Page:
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Samsung announces new SpinPoint drives for the enterprise market

Although Fujitsu may be looking to solid-state storage (SSD) to replace 1.8" hard disc drives (HDDs), the market for fast 2.5" HDDs is still alive and well. Just last month, Fujitsu and Seagate announced 160GB 2.5" hard drives spinning at 7200RPM. Samsung has today upped the ante with a 2.5" enterprise 7200RPM HDD that boasts a capacity of up to 200GB.

The new SpinPoint MP1 Series utilizes perpendicular recording to achieve a density of 100GB per platter. The MP1 Series will be available in capacities of 80GB, 120GB, 160GB and 200GB and will support cache sizes of 8MB or 16MB.

All utilize a Serial ATA 3.0Gbps interface and feature native command queuing (NCQ). The drives also feature a rotary vibration controller (RVC) to protect drive from vibration and shock and are available with a free-fall sensor.

Samsung says that the MP1 series is designed for use in workstations, RAID servers, and blade servers. No pricing has been announced, but will likely be available closer to its May 2007 mass production date.

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The Internet is for Porn
By Mitch101 on 4/11/07, Rating: 0
RE: The Internet is for Porn
By Brainonska511 on 4/11/2007 11:48:55 AM , Rating: 3
This isn't really a portable drive. It's meant for servers and workstations instead.

Of course, I'd like to see cheaper, bigger, and faster 2.5" notebook drives as well.

RE: The Internet is for Porn
By Mitch101 on 4/11/2007 11:59:29 AM , Rating: 2
I work in the server area for me its all the same as we generally only use 15K RPM drives.

7200rpm 2.5" is a performance laptop drive to me with the word enterprise stuck to it so they can charge more.

I read in a google report that they found no difference in lifespan on drives whether enterprise or standard and even when running cooler. I think dailytech posted the article.

RE: The Internet is for Porn
By bysmitty on 4/11/2007 12:22:34 PM , Rating: 2
You are not comparing apples to apples. With the smaller platers, you get higher data density. A 2.5" HD spinning at 7,200rpm will read / write more data than a 3.5" HD spinning at 7,200rpm.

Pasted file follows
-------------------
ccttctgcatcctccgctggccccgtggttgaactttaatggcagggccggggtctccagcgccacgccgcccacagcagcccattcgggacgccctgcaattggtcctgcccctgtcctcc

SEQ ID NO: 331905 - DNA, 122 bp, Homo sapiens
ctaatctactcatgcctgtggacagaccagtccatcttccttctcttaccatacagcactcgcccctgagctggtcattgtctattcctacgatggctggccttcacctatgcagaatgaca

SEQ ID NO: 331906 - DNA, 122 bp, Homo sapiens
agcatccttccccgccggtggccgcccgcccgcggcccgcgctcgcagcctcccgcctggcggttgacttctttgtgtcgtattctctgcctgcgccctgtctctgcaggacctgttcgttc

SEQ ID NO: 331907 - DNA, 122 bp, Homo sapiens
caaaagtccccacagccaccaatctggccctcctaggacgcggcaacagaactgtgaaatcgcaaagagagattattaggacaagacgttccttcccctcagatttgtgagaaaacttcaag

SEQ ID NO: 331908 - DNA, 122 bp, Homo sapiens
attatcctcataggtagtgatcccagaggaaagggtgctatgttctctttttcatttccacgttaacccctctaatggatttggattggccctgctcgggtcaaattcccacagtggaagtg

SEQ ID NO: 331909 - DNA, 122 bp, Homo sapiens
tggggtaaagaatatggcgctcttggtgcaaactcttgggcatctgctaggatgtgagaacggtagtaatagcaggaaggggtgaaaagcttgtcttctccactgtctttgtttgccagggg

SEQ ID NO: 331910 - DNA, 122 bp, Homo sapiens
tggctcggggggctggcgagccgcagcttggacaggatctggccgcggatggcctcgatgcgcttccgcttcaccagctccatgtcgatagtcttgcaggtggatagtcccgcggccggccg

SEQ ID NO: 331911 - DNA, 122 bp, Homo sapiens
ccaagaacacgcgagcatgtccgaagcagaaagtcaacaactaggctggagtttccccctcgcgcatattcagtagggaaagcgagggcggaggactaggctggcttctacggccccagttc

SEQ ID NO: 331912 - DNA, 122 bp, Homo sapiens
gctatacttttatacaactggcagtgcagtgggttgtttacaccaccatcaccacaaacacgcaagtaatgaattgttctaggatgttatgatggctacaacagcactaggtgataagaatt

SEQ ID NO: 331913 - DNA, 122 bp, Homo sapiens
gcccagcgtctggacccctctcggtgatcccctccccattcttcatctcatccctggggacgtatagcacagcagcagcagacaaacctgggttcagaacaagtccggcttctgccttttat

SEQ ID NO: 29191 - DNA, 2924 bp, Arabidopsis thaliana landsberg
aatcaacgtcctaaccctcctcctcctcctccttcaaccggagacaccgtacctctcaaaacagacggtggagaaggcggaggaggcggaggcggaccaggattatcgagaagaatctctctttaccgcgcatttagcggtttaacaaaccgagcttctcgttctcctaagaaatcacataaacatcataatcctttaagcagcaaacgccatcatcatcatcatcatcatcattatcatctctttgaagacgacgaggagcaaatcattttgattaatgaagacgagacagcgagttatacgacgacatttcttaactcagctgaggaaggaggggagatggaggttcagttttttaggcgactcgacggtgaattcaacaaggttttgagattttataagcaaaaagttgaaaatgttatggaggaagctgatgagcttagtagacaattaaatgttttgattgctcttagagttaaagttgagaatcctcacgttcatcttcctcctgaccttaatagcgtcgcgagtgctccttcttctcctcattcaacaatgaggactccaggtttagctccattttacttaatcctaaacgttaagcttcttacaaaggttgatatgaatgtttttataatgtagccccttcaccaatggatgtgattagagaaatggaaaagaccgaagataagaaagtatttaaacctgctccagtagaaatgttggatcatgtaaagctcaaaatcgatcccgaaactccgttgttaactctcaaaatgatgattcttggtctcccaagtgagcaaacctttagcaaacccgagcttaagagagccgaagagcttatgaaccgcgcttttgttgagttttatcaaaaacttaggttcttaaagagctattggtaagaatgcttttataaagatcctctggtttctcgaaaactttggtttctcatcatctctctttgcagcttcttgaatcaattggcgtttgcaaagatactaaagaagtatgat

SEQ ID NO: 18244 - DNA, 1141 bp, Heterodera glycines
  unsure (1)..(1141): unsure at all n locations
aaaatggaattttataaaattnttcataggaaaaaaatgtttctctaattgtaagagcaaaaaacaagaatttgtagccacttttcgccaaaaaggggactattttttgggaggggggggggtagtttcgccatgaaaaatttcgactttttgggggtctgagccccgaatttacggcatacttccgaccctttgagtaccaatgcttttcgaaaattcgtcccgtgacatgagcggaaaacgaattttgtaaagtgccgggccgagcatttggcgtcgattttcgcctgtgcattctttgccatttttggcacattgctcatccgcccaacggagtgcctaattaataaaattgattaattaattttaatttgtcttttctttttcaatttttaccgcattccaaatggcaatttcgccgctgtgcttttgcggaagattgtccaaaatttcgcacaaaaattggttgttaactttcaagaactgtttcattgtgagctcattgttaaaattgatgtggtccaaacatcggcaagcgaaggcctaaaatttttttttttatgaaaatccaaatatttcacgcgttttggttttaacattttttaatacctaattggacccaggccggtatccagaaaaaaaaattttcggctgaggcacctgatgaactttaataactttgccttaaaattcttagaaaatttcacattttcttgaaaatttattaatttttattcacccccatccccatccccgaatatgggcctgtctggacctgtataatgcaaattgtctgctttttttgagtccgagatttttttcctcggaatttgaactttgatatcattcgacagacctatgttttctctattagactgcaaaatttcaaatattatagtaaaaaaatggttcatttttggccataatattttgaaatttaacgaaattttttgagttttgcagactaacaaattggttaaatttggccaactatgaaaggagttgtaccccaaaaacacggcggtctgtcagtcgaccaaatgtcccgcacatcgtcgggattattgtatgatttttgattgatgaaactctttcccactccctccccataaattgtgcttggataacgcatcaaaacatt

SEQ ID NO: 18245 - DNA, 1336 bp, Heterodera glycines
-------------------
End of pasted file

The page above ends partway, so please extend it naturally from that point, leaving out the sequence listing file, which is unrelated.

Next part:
RE: The Internet is for Porn
By Mitch101 on 4/11/2007 12:38:36 PM , Rating: 2
Denser platters provide possibly higher data rates not smaller. There are a lot of factors when talking about drive performance. While platter densities can help so does head/rotational latency, interface, and rpm to name the most major of the factors.

Raptors do so well because of how fast the heads can get to the data on the drive yet thier density is much less of nearly all drives on the market. The 10K rpm also helps. Put a raptor against most of the drives out there today in random R/W and it will eat drives with twice the platter density.

Were comparing 2.5" 7200 rpm to 3.5" 15,000RPM drives.

RE: The Internet is for Porn
By teddy6 on 4/11/2007 1:37:44 PM , Rating: 2
Higher RPM drives use smaller platters, so comparing "platter density" is an apples to oranges comparison. Current 7200RPM drives do have higher areal densities than the raptor and other high RPM drives, but the differences isn't as great as first appearance, and it should be noted that the 150GB Raptor is more than a year old. At release, its areal density was quite competitive. A mythical Raptor with four 3.5" platters would have a capacity in the low 400GB range. The only drive currently "available" that has twice the areal density of a Raptor is the 1 TB Hitachi drive that you can't buy without a Dell computer. Nothing else is really even close.